She said the main focus for her and her family now was on an effort to improve the economy and the people’s problems which she wanted to focus on.

Appointed to chair an advisory committee to boost participation in the Pheu Thai Party and innovation

Ms Paetongtarn was introduced to the political limelight last October when the party changed leadership at a meeting held in Khon Kaen and was, at that point, appointed to chair an advisory panel aimed at formulating plans for improving participation and innovation.

On Sunday, the party leader, Cholnan Srikaew, said that the leadership of Pheu Thai was like its grassroots linked through blood and the DNA of the people.

He said that this spirit, seen in the past, must be harnessed again to build a future today for Thailand’s children as he introduced the former premier’s youngest daughter to a supportive crowd.

Ms Paetongtarn told her audience that she was only a young girl when her father established the Thai Rak Thai Party.

She said the Pheu Thai Party today still understood the same mission and had never forgotten the grassroots movement that supported it.

Key goals for the party start with economic revival for the younger generation and constitutional reform to give more power to voters to elect governments

She outlined two goals for the party. 

The first was the ability to engage younger generations and offer them economic opportunities.

She indicated that this would require a government to reduce or curtail public expenditure in some areas. She said the party was currently studying many policy plans and projects to achieve these aims.

This included supporting gender equality and finding the best people to work for the country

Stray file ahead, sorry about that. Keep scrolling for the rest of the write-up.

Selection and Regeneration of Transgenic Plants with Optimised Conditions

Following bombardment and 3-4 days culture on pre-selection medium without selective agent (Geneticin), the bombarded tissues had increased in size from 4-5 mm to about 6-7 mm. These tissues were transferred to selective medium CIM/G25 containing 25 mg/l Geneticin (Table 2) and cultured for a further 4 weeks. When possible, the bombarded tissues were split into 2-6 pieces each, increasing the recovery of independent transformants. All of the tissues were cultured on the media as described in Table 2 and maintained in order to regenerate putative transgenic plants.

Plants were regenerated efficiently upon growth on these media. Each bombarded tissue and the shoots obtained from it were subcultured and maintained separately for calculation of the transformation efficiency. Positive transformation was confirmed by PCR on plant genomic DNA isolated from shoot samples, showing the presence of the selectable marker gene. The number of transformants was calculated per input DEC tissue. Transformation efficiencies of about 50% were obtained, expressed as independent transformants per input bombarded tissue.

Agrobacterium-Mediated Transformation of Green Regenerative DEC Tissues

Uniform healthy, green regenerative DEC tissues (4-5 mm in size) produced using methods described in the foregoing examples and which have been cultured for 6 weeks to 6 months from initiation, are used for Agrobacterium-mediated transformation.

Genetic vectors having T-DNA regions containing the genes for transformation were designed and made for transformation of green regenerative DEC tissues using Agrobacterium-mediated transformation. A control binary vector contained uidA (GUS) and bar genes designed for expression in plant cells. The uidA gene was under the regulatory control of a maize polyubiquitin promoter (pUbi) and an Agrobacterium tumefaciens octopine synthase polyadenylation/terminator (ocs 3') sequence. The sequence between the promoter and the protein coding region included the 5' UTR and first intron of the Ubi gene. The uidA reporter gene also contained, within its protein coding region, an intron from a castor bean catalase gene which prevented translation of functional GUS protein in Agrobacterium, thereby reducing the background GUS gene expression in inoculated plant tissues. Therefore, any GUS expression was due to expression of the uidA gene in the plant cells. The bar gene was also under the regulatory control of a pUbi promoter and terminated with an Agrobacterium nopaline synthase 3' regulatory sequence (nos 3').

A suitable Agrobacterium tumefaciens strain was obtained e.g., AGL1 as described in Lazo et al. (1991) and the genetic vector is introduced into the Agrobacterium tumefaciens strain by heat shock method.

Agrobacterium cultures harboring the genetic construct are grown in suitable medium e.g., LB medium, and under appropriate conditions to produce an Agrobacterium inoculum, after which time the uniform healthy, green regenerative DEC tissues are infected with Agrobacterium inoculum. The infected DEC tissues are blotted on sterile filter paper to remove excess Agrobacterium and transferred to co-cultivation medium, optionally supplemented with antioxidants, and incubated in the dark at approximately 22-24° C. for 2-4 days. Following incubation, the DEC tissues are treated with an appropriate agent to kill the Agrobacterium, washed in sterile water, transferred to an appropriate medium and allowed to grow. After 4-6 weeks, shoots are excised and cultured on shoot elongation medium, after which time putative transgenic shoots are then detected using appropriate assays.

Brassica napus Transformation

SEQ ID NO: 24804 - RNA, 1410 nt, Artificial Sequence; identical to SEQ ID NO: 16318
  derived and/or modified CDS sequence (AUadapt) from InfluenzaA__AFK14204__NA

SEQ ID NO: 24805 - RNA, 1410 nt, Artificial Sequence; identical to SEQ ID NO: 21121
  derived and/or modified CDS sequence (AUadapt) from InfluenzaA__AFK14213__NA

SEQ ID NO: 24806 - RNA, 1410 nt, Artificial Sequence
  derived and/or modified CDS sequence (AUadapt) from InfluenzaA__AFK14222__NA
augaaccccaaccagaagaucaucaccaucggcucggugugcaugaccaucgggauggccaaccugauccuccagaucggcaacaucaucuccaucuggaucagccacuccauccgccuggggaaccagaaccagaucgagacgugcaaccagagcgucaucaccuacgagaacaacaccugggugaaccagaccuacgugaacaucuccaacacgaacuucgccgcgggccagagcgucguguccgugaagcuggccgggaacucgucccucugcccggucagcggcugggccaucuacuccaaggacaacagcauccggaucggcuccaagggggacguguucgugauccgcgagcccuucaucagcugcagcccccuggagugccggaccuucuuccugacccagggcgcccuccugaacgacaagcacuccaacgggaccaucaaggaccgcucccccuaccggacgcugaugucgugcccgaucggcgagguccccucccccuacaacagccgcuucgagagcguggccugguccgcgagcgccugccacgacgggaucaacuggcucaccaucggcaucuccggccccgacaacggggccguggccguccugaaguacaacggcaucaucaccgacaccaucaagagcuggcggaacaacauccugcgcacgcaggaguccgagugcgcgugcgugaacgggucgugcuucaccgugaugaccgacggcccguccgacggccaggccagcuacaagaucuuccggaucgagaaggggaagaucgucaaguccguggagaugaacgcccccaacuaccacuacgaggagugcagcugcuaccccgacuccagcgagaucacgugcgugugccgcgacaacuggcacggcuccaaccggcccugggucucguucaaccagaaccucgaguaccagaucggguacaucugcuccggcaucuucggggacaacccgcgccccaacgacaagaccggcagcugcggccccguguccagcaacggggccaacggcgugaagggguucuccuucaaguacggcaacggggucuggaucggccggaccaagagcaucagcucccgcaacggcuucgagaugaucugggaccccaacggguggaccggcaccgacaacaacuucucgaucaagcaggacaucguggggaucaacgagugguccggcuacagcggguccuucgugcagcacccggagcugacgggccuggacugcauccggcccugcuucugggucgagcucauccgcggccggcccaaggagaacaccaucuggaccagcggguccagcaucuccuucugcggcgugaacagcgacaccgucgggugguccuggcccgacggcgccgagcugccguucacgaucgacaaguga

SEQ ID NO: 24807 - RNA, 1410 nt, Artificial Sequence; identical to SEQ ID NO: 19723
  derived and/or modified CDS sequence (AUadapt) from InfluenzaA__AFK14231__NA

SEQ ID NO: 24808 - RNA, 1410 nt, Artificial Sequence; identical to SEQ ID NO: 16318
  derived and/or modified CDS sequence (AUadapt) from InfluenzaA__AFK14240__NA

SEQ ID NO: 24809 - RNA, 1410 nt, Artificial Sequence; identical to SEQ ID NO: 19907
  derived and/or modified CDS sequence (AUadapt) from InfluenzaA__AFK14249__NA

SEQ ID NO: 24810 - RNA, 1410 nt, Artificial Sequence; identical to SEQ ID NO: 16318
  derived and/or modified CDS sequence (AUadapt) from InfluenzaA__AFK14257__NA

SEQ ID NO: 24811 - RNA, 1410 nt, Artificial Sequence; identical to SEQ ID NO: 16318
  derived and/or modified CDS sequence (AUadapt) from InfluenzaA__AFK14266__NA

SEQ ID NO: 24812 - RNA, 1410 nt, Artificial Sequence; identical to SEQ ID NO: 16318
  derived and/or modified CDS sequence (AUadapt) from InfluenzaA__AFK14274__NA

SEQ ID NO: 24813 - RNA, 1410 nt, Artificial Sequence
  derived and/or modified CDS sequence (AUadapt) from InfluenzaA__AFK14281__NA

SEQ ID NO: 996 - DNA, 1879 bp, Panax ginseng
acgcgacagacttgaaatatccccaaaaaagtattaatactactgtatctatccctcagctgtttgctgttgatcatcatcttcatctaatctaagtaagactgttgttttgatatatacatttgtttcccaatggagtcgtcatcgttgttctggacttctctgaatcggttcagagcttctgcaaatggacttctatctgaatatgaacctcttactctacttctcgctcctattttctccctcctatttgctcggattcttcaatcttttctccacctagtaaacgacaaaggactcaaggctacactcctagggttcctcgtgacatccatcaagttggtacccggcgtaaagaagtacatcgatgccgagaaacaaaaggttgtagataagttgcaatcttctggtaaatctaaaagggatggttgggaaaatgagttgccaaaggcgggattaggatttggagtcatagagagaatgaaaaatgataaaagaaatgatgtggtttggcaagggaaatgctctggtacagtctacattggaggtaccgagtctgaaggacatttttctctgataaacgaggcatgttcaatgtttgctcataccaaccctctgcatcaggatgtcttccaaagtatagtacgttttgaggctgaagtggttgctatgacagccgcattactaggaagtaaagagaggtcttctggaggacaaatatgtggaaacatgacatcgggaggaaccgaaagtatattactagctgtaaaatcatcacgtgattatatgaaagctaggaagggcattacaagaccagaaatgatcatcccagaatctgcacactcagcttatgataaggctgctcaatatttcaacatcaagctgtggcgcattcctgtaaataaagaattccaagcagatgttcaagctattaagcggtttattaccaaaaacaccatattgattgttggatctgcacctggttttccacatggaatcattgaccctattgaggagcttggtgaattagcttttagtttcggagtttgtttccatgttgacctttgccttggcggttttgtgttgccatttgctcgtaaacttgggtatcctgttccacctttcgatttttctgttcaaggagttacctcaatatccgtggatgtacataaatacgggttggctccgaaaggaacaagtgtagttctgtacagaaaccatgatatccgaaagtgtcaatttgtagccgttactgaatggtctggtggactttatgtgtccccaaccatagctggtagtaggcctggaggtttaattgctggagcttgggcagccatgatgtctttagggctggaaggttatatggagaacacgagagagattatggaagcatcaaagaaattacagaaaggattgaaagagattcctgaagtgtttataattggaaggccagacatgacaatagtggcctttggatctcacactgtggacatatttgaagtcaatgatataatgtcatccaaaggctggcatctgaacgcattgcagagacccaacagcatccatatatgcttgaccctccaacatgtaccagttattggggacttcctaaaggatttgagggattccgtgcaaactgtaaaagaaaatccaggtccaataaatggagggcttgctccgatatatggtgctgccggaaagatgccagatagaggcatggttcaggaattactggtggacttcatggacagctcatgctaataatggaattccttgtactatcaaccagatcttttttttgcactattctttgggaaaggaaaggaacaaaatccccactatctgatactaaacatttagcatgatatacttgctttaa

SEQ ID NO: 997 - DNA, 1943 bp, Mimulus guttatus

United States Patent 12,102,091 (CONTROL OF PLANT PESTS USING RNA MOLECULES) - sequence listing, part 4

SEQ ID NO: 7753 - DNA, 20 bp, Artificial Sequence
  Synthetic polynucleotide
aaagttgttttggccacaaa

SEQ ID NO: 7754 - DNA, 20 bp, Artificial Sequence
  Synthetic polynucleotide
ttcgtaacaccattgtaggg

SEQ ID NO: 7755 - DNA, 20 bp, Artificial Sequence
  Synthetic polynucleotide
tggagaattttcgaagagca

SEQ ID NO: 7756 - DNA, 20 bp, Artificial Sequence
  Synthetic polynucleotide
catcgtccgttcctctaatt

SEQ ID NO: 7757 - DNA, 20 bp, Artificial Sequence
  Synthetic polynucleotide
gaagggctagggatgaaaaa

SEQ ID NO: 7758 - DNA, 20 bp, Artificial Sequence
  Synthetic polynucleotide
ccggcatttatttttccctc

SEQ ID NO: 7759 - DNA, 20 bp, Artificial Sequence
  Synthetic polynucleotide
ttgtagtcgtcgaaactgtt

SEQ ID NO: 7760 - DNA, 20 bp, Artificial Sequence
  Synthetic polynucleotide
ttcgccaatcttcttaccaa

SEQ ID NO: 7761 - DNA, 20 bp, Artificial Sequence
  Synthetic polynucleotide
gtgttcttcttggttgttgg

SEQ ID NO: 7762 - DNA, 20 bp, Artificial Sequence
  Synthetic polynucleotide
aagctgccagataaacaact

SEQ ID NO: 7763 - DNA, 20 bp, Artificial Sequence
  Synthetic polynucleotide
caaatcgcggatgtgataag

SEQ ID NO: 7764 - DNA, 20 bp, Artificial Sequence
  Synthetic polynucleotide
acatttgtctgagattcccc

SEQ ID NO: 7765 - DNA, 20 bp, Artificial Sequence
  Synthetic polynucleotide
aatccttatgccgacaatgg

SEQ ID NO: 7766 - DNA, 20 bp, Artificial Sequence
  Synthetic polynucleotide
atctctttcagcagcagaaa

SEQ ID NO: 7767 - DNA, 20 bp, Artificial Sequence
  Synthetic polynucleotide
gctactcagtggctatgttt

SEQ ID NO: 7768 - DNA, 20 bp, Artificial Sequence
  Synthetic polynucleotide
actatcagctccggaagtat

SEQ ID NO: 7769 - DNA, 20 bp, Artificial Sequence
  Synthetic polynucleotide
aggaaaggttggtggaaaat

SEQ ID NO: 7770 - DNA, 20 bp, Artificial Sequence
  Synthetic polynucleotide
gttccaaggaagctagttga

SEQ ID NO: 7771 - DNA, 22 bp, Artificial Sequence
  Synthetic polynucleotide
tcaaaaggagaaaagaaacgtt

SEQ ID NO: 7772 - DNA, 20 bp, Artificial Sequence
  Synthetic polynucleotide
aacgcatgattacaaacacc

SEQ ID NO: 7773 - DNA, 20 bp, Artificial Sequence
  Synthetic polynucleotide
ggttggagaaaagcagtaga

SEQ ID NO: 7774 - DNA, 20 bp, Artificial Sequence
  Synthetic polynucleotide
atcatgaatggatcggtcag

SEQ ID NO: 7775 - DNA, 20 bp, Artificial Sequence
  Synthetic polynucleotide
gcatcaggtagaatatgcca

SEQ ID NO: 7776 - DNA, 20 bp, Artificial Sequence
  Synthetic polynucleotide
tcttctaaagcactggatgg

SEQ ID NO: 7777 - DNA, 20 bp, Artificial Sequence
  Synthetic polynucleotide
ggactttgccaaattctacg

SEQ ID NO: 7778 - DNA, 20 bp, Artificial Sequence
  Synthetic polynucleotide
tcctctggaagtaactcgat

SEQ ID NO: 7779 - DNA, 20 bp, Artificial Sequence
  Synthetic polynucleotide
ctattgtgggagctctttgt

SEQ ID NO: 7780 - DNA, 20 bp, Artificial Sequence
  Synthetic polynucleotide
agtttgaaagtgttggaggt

The second goal was to bring an end to what she termed dictatorship which she described as the inability of democratically elected leaders to form a government that can introduce decisive policies.

She said that the power of the state was critical in promoting economic development which adds money to the lives of ordinary people giving them back honour and dignity again.

Membership of the Pheu Thai Party to cost nothing as Ms Paetongtarn appeals for millions more to join the political party through social media and LINE 

The emerging political standard-bearer told her audience that the new recruitment drive for the Pheu Thai Party would see membership of the party costing nothing.

She asked people nationwide to encourage each other to join the political movement which she said can be done via social media and the LINE application.

On Monday, in response to Sunday’s speeches and the apparent elevation of Ms Paetongtarn to within reach of the party’s nomination for prime minister in the next General Election, the Vice Minister at the Prime Minister’s Office, Seksakol Atthawong, formerly a Pheu Thai Party member who later defected to the ruling Palang Pracharat Party, warned her not to follow in the footsteps of her aunt, Ms Yingluck Shinawatra and her father Thaksin Shinawatra who, he claimed, had abused parliamentary power for their own benefit.

Silver lining in this for PM Prayut Chan ocha

Both were convicted in Thailand and face jail terms imposed by a court in their absence after they fled abroad where host countries have since accorded them sanctuary. 

Ironically, the news of Ms Paetongtarn’s elevation and a renewed focus on the Shinawatra family may help galvanise support for the beleaguered government of Prayut Chan ocha as the political divide in Thailand caused by the ex-PM’s decisive leadership style which endeared him to many also created animosity in equal measure.

It has not gone away.